Transport of Cattle, Sheep and other farm animals
Getting cattle and sheep to a show, to the abattoir, to a new owner or even to the vets can be an issue.
Loading and unloading is a major issue. And there are serious laws about how you are allowed to do so - all to do with animal welfare and safety.
It is essential that owners plan for such journeys. For those of us who have a lorry or trailer it is good practice to ensure that the vehicles are roadworthy and legal with brakes, batteries and electrics that work and good tyres.
If you have no transport of your own, find the number of local hauliers who can help.
Please make sure that your animals are good to load. Only animals of the same type can be loaded together, and these should be ones that already know each other - you do not want fights between animals half way up a ramp.
When loading ensure that there is only one place the animals can go with stoat hurdles or similar. Arrange for straw or wood shavings inside and on the ramp - animals do not like walking up ramps or on aluminium. Try and use a forcing gate to help guide the animals up. Try food in the trailer. With smaller animal like sheep, in necessary carry one in and the others usually follow. Do not hit them with stick or goads - this is against the law. Above all be patient.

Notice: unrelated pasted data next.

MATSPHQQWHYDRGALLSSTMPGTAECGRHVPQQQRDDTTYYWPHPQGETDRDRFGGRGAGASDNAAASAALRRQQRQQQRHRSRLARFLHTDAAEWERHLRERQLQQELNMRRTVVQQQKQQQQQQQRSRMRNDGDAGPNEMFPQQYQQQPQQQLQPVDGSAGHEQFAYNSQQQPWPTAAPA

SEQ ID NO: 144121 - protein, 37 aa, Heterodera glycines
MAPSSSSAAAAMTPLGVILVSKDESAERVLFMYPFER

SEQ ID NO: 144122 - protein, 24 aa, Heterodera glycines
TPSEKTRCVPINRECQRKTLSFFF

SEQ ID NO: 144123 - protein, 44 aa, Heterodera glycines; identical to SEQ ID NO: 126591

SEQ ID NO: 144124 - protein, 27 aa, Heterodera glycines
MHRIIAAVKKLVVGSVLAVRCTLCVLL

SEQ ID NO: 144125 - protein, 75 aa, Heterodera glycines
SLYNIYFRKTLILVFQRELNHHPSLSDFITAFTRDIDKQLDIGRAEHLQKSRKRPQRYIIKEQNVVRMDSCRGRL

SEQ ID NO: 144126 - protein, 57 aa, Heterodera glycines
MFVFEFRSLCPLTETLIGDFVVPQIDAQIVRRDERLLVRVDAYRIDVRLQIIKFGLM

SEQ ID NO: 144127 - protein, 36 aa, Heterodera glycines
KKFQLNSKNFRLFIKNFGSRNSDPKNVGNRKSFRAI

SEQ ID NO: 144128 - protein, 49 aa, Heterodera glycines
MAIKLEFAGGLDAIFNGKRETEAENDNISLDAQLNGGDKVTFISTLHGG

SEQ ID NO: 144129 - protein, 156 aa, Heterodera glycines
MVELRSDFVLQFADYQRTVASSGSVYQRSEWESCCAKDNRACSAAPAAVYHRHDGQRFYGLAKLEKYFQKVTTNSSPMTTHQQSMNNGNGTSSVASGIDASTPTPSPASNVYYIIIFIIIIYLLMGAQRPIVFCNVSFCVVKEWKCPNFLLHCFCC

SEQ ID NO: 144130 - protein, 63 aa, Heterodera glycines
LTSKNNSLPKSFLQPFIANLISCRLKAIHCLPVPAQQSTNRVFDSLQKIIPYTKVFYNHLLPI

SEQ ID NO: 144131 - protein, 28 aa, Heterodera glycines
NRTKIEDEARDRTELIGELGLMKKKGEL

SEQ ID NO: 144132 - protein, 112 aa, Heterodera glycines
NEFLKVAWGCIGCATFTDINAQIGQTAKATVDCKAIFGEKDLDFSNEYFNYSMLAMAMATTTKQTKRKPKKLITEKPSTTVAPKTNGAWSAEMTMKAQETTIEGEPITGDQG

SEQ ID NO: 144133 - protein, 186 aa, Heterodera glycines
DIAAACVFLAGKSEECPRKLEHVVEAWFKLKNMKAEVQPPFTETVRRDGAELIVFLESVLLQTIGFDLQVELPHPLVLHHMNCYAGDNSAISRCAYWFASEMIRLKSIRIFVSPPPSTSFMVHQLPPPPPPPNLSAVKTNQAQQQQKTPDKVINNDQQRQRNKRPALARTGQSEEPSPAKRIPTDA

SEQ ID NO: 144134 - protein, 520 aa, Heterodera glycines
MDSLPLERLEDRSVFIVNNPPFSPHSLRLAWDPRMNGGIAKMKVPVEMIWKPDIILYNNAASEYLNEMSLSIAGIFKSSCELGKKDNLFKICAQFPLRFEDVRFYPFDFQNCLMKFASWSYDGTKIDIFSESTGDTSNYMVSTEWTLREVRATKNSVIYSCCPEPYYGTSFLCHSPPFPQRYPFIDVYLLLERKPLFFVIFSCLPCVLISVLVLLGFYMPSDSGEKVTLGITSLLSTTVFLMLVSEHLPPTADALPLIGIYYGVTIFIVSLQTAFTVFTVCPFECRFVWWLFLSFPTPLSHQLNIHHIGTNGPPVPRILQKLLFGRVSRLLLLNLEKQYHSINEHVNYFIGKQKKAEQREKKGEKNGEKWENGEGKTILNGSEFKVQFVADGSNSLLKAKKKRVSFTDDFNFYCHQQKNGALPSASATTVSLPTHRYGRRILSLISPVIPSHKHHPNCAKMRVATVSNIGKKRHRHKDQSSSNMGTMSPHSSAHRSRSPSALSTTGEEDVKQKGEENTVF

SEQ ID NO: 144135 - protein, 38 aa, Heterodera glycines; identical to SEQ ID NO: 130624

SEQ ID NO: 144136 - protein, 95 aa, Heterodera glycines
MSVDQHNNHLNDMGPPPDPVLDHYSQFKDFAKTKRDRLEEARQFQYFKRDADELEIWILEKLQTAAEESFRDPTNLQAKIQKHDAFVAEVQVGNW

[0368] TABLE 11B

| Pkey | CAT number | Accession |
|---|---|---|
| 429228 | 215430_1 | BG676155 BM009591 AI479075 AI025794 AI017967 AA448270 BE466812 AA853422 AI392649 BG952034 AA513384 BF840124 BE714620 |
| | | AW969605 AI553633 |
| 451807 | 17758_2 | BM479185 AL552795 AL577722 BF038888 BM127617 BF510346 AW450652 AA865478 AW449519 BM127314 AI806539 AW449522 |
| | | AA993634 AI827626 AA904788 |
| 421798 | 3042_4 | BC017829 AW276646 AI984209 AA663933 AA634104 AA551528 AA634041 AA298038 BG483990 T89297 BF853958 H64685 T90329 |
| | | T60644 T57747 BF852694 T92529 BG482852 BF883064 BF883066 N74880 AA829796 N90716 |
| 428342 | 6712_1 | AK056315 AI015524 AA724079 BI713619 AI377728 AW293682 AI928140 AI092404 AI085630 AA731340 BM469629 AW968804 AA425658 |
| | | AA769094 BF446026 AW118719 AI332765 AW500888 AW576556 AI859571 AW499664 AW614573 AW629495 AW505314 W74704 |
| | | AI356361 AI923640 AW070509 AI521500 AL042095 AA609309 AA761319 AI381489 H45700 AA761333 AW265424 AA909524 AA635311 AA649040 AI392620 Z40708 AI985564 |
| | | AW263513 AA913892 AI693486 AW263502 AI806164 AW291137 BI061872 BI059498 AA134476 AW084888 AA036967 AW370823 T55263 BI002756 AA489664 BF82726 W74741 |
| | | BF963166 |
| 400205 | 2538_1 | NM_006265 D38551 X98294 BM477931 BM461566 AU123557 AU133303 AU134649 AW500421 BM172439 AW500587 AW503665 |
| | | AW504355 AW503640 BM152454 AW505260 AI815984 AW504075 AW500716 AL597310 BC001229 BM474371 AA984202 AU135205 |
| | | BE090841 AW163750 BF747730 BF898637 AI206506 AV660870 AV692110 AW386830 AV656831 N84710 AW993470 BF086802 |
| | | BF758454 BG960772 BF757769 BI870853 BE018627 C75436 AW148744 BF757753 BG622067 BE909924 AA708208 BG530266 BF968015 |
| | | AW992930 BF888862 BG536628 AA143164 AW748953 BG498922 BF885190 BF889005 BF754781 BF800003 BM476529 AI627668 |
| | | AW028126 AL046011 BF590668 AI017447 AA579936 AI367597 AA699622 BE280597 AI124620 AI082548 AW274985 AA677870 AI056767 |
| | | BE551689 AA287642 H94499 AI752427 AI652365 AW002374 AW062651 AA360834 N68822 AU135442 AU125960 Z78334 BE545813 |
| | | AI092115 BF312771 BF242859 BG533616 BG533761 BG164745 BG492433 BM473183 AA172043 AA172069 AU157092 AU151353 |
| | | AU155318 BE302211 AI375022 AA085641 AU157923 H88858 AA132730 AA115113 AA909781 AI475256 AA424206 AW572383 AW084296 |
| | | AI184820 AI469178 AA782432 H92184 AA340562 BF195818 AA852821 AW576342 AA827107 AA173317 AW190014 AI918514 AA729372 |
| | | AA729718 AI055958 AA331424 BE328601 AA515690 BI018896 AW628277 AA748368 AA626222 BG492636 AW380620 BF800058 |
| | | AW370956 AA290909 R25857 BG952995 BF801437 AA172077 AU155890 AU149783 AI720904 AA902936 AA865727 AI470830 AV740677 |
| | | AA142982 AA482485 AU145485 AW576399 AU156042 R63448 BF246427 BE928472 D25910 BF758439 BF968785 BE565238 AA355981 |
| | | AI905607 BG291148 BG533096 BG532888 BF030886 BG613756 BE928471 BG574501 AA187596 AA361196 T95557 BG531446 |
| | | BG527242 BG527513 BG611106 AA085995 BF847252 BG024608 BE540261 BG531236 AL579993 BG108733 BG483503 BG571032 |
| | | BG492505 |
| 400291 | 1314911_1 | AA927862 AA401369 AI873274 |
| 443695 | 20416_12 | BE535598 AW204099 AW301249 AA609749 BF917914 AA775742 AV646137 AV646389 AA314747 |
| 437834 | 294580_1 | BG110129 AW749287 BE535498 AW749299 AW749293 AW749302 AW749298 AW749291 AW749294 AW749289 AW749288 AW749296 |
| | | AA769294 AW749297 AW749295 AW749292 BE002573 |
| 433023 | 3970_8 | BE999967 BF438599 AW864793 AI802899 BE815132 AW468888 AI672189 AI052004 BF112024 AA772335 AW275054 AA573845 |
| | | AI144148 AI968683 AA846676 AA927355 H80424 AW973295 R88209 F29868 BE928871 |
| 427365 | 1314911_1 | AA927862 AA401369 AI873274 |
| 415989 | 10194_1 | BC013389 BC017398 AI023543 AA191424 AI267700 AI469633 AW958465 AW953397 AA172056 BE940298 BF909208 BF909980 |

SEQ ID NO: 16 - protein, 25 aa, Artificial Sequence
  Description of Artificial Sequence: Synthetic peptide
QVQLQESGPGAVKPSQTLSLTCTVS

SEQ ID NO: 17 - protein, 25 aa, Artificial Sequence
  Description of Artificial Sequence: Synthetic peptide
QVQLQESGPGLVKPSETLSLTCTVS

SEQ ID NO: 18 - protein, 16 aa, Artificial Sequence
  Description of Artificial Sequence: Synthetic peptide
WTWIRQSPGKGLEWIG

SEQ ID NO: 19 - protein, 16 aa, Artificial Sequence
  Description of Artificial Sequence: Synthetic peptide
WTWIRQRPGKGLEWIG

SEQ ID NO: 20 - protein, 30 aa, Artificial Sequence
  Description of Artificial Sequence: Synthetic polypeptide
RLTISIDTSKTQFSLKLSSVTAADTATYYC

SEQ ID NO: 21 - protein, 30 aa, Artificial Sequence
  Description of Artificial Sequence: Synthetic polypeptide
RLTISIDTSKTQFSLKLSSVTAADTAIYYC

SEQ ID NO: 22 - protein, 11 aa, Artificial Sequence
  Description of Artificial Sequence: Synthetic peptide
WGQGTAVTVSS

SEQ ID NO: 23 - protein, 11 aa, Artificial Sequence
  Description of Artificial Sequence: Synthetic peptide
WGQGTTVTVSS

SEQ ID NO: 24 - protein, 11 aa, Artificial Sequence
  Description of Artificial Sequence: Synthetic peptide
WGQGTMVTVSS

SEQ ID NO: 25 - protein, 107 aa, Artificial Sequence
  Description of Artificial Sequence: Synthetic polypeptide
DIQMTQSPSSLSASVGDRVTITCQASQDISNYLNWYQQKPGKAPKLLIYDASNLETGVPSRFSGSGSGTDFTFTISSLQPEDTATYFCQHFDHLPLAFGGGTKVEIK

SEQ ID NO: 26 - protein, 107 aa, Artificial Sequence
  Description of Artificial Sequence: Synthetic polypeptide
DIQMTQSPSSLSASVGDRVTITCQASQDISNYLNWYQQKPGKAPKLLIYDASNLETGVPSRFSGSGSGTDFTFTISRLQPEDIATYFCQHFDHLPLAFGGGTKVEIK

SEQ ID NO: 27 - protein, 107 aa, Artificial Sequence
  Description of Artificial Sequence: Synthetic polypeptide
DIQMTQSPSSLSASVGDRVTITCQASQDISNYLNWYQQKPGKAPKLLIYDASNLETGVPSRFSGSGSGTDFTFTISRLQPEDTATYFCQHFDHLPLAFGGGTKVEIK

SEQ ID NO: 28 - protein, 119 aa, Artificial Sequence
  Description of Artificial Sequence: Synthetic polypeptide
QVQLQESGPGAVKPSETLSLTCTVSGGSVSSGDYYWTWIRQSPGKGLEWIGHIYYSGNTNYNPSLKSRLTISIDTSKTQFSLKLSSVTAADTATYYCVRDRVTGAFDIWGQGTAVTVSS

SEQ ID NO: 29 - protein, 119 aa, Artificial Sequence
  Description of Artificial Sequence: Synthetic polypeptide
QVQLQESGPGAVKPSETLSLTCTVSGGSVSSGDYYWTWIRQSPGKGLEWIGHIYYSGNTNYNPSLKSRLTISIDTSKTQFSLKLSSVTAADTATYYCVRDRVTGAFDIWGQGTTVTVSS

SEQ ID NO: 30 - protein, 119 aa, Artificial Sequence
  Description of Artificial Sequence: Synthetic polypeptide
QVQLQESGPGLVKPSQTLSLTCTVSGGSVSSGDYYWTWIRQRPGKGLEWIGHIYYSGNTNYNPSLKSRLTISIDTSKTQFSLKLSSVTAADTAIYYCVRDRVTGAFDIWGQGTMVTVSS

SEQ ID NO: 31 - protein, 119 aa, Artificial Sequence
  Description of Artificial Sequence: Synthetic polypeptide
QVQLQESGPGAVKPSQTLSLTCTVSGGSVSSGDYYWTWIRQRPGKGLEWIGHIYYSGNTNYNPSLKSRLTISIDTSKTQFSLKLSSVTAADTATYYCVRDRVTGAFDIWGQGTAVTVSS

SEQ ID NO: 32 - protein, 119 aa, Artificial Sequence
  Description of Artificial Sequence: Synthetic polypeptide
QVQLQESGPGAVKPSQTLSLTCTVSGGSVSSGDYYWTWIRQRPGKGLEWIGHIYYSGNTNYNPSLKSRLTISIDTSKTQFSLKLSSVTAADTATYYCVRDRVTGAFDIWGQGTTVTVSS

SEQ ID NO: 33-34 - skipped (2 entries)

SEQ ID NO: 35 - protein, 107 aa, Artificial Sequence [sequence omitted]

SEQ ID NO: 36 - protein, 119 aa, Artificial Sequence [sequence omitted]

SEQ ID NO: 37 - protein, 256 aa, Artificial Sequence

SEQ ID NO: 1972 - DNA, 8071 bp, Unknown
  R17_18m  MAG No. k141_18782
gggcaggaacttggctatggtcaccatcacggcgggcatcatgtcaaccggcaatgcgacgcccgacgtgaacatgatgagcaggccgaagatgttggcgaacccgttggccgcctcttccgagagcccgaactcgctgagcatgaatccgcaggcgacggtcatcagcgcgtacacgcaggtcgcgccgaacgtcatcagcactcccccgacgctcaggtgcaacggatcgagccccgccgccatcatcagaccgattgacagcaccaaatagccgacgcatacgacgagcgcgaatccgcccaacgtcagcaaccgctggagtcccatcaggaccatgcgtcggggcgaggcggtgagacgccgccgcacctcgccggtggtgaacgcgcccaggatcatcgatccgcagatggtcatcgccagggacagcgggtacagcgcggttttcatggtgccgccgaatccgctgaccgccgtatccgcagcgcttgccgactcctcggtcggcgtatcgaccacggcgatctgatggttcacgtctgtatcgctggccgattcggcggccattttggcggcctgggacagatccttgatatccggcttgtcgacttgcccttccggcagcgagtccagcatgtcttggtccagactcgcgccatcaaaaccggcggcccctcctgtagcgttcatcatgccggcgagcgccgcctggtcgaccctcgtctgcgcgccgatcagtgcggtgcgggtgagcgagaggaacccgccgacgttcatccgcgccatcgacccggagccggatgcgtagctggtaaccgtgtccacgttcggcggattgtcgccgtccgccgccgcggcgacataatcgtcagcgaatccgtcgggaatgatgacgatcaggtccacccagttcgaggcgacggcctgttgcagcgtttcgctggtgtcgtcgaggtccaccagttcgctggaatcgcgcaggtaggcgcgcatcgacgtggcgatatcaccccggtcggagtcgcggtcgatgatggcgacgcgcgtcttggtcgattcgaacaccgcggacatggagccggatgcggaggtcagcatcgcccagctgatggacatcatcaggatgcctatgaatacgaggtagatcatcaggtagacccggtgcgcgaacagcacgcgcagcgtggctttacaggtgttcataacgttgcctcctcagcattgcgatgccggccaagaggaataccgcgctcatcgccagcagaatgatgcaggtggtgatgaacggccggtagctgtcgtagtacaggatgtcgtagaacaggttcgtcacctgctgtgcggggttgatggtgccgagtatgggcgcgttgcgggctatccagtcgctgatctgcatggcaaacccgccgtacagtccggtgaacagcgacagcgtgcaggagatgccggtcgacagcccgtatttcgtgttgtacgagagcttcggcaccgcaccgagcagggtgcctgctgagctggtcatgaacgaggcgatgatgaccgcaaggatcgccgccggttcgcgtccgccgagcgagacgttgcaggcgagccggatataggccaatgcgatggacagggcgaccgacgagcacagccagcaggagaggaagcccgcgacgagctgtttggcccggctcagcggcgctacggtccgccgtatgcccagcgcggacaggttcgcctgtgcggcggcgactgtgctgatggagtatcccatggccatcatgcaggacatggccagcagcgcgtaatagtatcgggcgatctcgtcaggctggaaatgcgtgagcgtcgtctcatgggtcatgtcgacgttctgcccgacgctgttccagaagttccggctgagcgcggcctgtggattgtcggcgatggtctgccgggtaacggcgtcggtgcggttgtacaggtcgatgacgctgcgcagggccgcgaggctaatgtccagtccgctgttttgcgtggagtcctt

In many cases you can get the animals used to travel by taking them on short journeys around your farm or small holding. Commence by taking them for short non - stressful journeys and always drive defensively so they are not hurled about by sudden braking, acceleration or by Formula One cornering! It is better to aggravate the cars following you, than frighten the animal; so get used to being unpopular (you will be able to get your own back when you are following caravans).
An old farmer once said - If you like beer, imagine that you have the last pint of beer in the world on your dashboard as you drive pull your trailer when it has animals in it.
Generally speaking they travel very well and seem to concentrate on their balance, often enjoying looking out of the side.
Ventilation in transport is critical. Ensure vents are fully open - even in the rain.
If during the journey there is noise and commotion in the back that suggests that something is going on, PLEASE do not stop by side of the road and open the side door to investigate. This can be very dangerous for you and potentially catastrophic. Drive to a safe place where you can get help and have a look at the problem. The hard shoulder is not the place for this!!!
Transport can be a challenge but the aim is to minimise stress for all concerned. Oh! and don't forget your mobile phone; your reading glasses; a pen; your credit card; a map and your medication and wherever possible a companion - it is always nice to have someone to blame when you get lost!!!
And water for the animals of course
P.S. Since 5 January 2008, those transporting cattle, sheep, goats, pigs, horses and poultry by road on journeys over 65km in connection with an economic activity (this includes shows - as it is argued that showing helps you sell animals later Ed. ) must be independently assessed in their competence - click here for details.